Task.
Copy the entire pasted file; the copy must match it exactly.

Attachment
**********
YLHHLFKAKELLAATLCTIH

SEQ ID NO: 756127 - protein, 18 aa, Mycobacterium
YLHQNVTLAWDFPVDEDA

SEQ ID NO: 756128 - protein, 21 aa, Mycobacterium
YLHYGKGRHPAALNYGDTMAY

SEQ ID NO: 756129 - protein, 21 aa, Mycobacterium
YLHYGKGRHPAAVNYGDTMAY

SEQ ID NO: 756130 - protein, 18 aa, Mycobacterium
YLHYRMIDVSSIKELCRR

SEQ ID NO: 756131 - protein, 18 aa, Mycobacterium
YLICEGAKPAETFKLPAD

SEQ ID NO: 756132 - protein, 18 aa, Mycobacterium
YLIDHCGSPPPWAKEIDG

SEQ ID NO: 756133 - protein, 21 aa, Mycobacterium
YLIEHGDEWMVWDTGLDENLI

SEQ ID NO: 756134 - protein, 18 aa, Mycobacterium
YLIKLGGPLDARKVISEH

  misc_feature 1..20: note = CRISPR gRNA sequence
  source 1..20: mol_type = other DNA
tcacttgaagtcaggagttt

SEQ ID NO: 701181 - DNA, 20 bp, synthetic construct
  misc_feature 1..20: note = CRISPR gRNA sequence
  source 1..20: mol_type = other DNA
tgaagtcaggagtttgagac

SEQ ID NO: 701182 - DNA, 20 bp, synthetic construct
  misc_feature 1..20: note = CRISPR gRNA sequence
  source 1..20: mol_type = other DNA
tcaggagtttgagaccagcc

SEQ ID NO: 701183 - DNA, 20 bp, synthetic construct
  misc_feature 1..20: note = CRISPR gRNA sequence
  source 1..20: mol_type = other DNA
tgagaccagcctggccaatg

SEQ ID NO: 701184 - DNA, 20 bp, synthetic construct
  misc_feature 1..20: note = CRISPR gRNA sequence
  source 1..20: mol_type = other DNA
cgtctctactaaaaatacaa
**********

YLHHLFKAKELLAATLCTIH

SEQ ID NO: 756127 - protein, 18 aa, Mycobacterium
YLHQNVTLAWDFPVDEDA

SEQ ID NO: 756128 - protein, 21 aa, Mycobacterium
YLHYGKGRHPAALNYGDTMAY

SEQ ID NO: 756129 - protein, 21 aa, Mycobacterium
YLHYGKGRHPAAVNYGDTMAY

SEQ ID NO: 756130 - protein, 18 aa, Mycobacterium
YLHYRMIDVSSIKELCRR

SEQ ID NO: 756131 - protein, 18 aa, Mycobacterium
YLICEGAKPAETFKLPAD

SEQ ID NO: 756132 - protein, 18 aa, Mycobacterium
YLIDHCGSPPPWAKEIDG

SEQ ID NO: 756133 - protein, 21 aa, Mycobacterium
YLIEHGDEWMVWDTGLDENLI

SEQ ID NO: 756134 - protein, 18 aa, Mycobacterium
YLIKLGGPLDARKVISEH

  misc_feature 1..20: note = CRISPR gRNA sequence
  source 1..20: mol_type = other DNA
tcacttgaagtcaggagttt

SEQ ID NO: 701181 - DNA, 20 bp, synthetic construct
  misc_feature 1..20: note = CRISPR gRNA sequence
  source 1..20: mol_type = other DNA
tgaagtcaggagtttgagac

SEQ ID NO: 701182 - DNA, 20 bp, synthetic construct
  misc_feature 1..20: note = CRISPR gRNA sequence
  source 1..20: mol_type = other DNA
tcaggagtttgagaccagcc

SEQ ID NO: 701183 - DNA, 20 bp, synthetic construct
  misc_feature 1..20: note = CRISPR gRNA sequence
  source 1..20: mol_type = other DNA
tgagaccagcctggccaatg

SEQ ID NO: 701184 - DNA, 20 bp, synthetic construct
  misc_feature 1..20: note = CRISPR gRNA sequence
  source 1..20: mol_type = other DNA
cgtctctactaaaaatacaa